"Put another way, that means that if the Fed hits its target, the value of today’s dollar will only be worth around a third of its current value in 50 years.

    50 years?

    'We' have ten years?

    “ . . . our best estimate is that the net energy

    33:33 per barrel available for the global

    33:36 economy was about eight percent

    33:38 and that in over the next few years it

    33:42 will go down to zero percent

    33:44 uh best estimate at the moment is that

    33:46 actually the

    33:47 per average barrel of sweet crude

    33:51 uh we had the zero percent around 2022

    33:56 but there are ways and means of

    33:58 extending that so to be on the safe side

    34:00 here on our diagram

    34:02 we say that zero percent is definitely

    34:05 around 2030 . . .

    we

    34:43 need net energy from oil and [if] it goes

    34:46 down to zero

    34:48 uh well we have collapsed not just

    34:50 collapse of the oil industry

    34:52 we have collapsed globally of the global

    34:54 industrial civilization this is what we

    34:56 are looking at at the moment . . . “

    https://www.youtube.com/watch?v=BxinAu8ORxM&feature=emb_logo

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  • Sat, Jan 02, 2021 - 4:38am

    VTGothic

    VTGothic

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    4

    Plan B: Show me the incentive...

    Sorry, @postkey, I'm not buying another "10-years-till-death" prediction. We've been getting those at least every presidential election cycle since the first Earth Day, when I was a college sophomore. The world has ended nigh on a dozen times since I graduated, but we're still here. Garbage in = garbage out. The future ain't a straight-line projection.

    Net oil energy per barrel is not going to zero, although the cost of oil energy is surely going to continue to rise over the long frame, whatever the short-term chop, because it's harder to find and extract, of lower quality out of the spigot, and subject to increasing regulatory costs.

    Yet, the world is not going to reduce energy consumption by much, if at all. More likely we'll continue to increase our demand and use, even if we stabilize or reduce our population. Solar will contribute to net energy production, probably more effectively in the future than it does now, but even so it's not the solution. I'm uncertain where future energy supply will come from but I increasingly think we're going to see the return of nuclear power, provided by the latest technologies (some of which are old, just long sidelined) that all but eliminate radioactive landfills.

    How and where we get our energy will surely transition, but the only way the average person's net energy consumption will decline is if the political class and international cantillionaires go all North Korea on the rest of us and we knuckle under. I don't see that lasting long: the WEF will fail.

    Of course, if the world does end in a decade the rest of the discussion (any discussion) is moot. But in case it doesn't, we might want a plan B. I, for one, would like to see us find our way back to a hard money standard for one over-riding reason: in a hard-money setting inflation-centered economic policy disappears, and the zombie economy is killed quickly while virtuous economic decision-making and consumption behavior is encouraged.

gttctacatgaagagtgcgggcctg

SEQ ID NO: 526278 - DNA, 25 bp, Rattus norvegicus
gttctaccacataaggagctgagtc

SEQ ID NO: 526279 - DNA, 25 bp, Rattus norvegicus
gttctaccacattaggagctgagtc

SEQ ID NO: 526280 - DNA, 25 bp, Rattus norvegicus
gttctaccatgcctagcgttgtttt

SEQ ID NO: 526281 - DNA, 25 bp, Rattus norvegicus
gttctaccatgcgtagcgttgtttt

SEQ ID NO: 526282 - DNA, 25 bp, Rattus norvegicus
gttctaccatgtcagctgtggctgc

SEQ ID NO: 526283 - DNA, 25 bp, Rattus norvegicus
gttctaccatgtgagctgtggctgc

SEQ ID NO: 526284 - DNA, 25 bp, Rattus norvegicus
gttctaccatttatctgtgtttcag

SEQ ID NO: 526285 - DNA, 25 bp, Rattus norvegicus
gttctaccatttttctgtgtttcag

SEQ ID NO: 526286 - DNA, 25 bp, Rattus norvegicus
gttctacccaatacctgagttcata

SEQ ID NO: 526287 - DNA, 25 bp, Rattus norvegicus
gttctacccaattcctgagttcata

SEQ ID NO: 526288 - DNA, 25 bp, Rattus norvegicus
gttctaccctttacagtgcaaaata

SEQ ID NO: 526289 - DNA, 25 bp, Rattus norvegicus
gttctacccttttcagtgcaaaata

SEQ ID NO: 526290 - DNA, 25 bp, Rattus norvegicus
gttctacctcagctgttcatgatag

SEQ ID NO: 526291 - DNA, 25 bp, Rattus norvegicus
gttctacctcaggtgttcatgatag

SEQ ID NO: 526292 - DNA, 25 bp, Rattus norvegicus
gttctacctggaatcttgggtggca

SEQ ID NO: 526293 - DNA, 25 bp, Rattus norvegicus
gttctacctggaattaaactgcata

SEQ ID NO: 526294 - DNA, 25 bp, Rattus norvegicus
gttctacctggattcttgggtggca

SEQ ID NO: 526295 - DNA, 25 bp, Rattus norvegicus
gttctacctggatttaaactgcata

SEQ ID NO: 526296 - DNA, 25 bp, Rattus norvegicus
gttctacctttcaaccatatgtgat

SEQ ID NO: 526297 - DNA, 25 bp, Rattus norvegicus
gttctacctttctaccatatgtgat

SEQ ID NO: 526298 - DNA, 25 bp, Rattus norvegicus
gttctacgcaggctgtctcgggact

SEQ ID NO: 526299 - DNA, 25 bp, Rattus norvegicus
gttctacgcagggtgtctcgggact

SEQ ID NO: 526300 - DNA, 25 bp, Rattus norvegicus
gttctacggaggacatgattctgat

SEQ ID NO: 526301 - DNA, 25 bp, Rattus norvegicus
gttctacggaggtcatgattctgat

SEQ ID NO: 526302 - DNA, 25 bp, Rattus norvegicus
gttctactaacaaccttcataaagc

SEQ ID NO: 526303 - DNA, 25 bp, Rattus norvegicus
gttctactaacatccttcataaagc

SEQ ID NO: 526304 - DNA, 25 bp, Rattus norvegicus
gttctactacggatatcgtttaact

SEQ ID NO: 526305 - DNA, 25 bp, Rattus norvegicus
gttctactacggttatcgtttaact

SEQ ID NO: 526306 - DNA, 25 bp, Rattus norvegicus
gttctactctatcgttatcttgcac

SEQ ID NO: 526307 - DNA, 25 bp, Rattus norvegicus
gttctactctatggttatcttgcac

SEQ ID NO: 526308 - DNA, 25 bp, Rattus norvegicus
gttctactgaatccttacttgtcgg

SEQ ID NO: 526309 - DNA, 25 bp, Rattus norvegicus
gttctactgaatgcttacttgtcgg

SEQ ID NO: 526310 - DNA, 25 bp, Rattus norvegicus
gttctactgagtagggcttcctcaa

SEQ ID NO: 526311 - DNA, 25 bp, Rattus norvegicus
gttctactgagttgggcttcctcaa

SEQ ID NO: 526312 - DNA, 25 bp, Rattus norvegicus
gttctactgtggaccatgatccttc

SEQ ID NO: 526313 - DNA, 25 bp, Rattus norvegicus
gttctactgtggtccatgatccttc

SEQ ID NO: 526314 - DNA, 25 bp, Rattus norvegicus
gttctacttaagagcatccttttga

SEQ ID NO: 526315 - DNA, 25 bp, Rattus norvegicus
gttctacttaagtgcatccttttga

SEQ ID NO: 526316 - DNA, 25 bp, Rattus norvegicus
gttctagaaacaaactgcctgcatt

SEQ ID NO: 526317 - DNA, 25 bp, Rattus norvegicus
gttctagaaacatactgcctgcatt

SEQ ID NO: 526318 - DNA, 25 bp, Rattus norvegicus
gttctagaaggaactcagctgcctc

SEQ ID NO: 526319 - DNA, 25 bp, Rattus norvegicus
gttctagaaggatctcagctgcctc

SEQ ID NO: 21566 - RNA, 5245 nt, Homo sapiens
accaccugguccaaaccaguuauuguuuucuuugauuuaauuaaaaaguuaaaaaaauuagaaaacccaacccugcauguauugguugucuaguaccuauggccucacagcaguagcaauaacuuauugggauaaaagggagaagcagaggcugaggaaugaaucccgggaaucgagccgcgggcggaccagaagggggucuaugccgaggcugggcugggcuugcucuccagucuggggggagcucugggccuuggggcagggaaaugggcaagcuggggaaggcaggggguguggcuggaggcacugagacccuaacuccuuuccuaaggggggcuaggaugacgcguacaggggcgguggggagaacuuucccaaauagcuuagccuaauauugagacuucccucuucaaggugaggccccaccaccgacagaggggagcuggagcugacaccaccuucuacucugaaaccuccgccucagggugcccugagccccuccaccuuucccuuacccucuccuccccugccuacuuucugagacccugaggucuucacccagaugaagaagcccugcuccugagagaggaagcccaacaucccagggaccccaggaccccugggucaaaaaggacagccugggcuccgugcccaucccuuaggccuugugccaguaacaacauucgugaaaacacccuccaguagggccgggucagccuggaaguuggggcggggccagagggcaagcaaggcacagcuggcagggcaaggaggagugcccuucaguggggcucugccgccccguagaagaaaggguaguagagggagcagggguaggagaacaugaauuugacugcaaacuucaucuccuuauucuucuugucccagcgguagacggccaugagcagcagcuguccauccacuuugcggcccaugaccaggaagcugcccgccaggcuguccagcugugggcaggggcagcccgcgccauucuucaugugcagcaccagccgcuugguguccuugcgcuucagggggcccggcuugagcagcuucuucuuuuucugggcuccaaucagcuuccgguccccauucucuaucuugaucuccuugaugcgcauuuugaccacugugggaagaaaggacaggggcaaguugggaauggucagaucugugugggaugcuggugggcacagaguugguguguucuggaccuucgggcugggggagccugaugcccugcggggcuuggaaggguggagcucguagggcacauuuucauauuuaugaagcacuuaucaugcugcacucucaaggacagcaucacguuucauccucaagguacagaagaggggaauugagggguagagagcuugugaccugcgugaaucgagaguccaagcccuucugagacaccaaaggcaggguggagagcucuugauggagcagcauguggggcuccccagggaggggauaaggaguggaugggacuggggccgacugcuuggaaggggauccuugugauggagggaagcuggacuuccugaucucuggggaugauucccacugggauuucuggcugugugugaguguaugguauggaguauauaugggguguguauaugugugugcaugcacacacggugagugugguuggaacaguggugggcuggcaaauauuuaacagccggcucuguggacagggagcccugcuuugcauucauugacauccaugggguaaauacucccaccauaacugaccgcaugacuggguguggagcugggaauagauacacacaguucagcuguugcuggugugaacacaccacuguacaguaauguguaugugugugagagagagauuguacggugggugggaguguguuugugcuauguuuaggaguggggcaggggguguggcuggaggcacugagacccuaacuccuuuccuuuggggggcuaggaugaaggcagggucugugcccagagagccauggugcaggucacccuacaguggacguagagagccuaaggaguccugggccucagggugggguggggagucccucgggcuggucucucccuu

When the zombie economy is dead, technological advances will promote supply-side deflation. When we live under a supply-side deflationary regime prices go down, and a unit of currency's purchasing power goes up. When units of currency go up in purchasing power year-over-year, people have a natural (animal spirit) inclination to save today rather than spend, because goods are always cheaper tomorrow than today. In turn, that encourages reduced consumption (good for the planet and all life), the inclination to replace the accumulation of "things" with "experiences," and the generation of greater wealth across society due to savings and prudent spending. Greater wealth in turn reduces anxiety about the future, producing less frenetic behavior, and a more peaceful society - which leads to a more peaceful world.

    An inflationary-economy world naturally incentivizes people to buy today before costs go up tomorrow, which leads to wasteful and excessive consumption, faster resource depletion, increased pollution, and ecological destruction. It also causes anxiety about one's ability to survive, let alone thrive, in the future.

    A deflationary-economy world naturally incentivizes people to reduce consumption (which also leads to demands for well-built products that last decades), to reuse perfectly functional tools and equipment, and to recycle to keep today's costs down in favor of stronger purchasing power tomorrow. It also promotes confidence about one's ability to survive and thrive in the future.

    Show me the incentive and I'll show you the behavior. (Charles Munger)

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  • Sat, Jan 02, 2021 - 5:09am

    #5
    VTGothic

    VTGothic

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    6

    End of the story

    Reflections on the conversation:

    1. Well, if the Fed is giving bond traders advance warning of actions, as Danielle DiMartino Booth alleges began in 1987, thus allowing traders to front-run the Fed, that is all that matters. End of story.